UPDATE: Navy hospital shooting ruled false alarm, according to Capt. Curt Jones, commanding officer of Naval Base San Diego.
An active shooter was reported Tuesday at the Naval Medical Center San Diego, according to the center’s Facebook page.
The message advises occupants to “run hide or fight.” Non-emergency response personnel were asked to avoid the compound at 34800 Bob Wilson Drive. The center posted that the shooter was believed to be in Building 26.
According to intitial reports, three shots were heard in the basement of the building, which is a combination of a gym and barrack. There are no reports of injuries.
Fox 5 San Diego reports that three nearby schools are on lockdown.
The U.S. Navy could not immediately confirm the report.
The facility has a staff of more than 6,500 military and civilian personnel, and aims to provide medical care to military service members, their families, and those who served in the past, according to its website.
“We’re not taking any chances and are executing procedures we’ve been trained for in this kind of situation,” Naval Medical Center spokesman Mike Alvarez said.
Update: Pvt. Erika Lopez turned herself in to Army authorities Feb. 4 after reports of her desertion went viral. The Army will now decide whether to charge her with a crime, administratively separate her from the service, or allow her to continue training. The original post on Lopez’s disappearance is below:
According to reports from Tennessee news channels, the first woman to enlist as a combat engineer from that state has gone absent without leave and has been gone for over 30 days, meaning she is now technically a deserter.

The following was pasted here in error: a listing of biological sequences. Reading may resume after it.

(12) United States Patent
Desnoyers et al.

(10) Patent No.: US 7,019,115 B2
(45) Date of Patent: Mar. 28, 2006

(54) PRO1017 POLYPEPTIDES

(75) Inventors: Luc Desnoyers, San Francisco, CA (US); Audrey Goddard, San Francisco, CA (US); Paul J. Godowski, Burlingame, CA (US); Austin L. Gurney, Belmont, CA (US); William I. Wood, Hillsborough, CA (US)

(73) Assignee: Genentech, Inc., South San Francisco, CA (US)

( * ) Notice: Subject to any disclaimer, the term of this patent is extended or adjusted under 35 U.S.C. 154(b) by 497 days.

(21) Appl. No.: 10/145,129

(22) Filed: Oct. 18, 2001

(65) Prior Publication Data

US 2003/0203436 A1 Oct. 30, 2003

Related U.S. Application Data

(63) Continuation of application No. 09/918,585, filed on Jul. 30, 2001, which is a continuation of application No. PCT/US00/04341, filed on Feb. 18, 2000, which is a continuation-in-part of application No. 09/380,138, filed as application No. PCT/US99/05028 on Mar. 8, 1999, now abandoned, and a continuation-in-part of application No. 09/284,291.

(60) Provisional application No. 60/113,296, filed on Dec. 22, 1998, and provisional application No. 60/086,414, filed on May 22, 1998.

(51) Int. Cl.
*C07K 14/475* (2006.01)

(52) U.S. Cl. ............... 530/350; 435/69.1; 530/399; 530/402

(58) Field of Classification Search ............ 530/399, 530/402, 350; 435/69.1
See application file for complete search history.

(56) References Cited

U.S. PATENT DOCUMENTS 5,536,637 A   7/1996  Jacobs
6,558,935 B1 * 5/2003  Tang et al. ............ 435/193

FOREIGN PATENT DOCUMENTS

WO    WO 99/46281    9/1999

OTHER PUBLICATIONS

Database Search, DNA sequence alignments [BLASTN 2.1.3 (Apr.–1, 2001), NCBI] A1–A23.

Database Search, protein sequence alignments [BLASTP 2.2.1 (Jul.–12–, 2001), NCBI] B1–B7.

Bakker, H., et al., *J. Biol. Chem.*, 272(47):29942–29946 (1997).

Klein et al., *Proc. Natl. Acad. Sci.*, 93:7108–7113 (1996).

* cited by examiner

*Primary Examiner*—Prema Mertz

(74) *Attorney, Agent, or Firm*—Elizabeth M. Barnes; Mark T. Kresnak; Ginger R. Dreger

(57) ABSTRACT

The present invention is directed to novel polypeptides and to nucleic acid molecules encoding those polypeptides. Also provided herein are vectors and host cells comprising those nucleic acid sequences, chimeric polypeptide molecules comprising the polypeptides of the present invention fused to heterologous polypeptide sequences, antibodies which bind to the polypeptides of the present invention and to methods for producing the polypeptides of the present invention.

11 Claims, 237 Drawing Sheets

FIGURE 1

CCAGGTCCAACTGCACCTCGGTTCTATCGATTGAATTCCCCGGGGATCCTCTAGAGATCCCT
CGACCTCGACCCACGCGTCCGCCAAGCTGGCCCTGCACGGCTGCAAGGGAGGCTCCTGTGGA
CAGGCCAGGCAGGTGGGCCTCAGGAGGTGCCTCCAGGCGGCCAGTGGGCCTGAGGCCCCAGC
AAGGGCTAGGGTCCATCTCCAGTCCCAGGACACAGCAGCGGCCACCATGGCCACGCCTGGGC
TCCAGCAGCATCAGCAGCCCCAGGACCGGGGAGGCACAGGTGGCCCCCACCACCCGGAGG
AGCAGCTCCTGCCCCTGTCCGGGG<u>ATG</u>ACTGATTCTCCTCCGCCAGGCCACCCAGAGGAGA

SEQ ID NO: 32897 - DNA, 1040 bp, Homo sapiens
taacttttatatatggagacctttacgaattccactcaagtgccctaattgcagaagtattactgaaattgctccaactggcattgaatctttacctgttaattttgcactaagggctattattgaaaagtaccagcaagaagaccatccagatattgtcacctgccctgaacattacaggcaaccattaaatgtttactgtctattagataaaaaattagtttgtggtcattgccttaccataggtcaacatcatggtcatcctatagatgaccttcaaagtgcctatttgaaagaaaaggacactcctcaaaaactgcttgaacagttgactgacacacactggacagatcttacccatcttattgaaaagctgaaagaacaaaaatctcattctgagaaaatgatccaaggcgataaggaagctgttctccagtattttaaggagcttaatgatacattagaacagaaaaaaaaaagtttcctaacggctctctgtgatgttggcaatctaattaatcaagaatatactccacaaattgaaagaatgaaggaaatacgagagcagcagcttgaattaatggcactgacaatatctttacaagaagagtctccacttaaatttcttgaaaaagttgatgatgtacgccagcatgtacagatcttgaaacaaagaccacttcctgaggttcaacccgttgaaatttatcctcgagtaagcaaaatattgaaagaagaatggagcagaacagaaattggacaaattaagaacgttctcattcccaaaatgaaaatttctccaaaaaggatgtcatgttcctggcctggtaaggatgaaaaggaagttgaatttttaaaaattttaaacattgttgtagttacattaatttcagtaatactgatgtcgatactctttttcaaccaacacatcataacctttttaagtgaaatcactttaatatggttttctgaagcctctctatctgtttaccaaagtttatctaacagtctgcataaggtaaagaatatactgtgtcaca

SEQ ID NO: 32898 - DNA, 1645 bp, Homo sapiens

The Army has been unable to locate Lopez despite numerous attempts. It’s one of the few situations where the most desirable scenario is that a soldier deserted, since the alternative is that something has happened to her.
While there have been reports listing Lopez as the Army’s first female combat engineer, that title actually goes to Vermont National Guard Spc. Skylar Anderson who graduated the combat engineer course in December and continues to serve in Vermont. Lopez was actually the fourth woman to enlist as a combat engineer.
Similarly, Lopez has been described as the first woman to become a combat arms soldier. The term “combat arms” was rescinded in 2008 with an updated version of Army Field Manual 3-0, but the first female combat arms soldiers were those who enlisted into air defense MOSs in the early 1990s.* Combat engineers were a combat arms MOS when that term was in use.
*Updated Feb. 5, 2016: This paragraph originally stated that combat engineer was not technically a combat arms specialty. When “combat arms” was a doctrinal term, Army Engineering was a combat arms branch.
When Jean Bennett joined the Air Force only three percent of its ranks were women. She went to basic training at Lackland Air Force Base as the Vietnam War came to a close. After a battery of aptitude tests, she was sent to technical training, hoping to become an accountant because of her bookkeeping background.
“The [Air Force] said, ‘No we don’t need you to do that’ but I did have one of two choices,” she told the Fort Worth Star-Telegram. “I could be a jet mechanic or a missile mechanic.” She chose to be a missile mechanic because they made more money.
In 1974, Jean was a divorceé with a child, living with her mother. She joined the Air Force so she wouldn’t be forced to marry again just to have someone support her and the baby.
“My mother of all people approached me and suggested military service as an option,” she recalled. She would be only the fifth woman ever to train to be a missile mechanic. She trained at Chanute Air Force Base in Rantoul, Illinois before moving on to her permanent station in Wyoming for the next nine years. She rose in rank quickly, and in five years she had outranked her first team chief.
“We went into training on the Minuteman Missile III, where we were responsible for removing or replacing the warheads, guidance system and propulsion systems,” Bennett said. She would also train on ground-launched cruise missiles in Tucson, and be sent to Sicily, Whiteman AFB, and after President Ronald Reagan signed the Intermediate-Range Nuclear Forces Treaty in 1987, she traveled around Russia as part of an on-site inspections crew to ensure the Soviet Union was complying with its part of the treaty.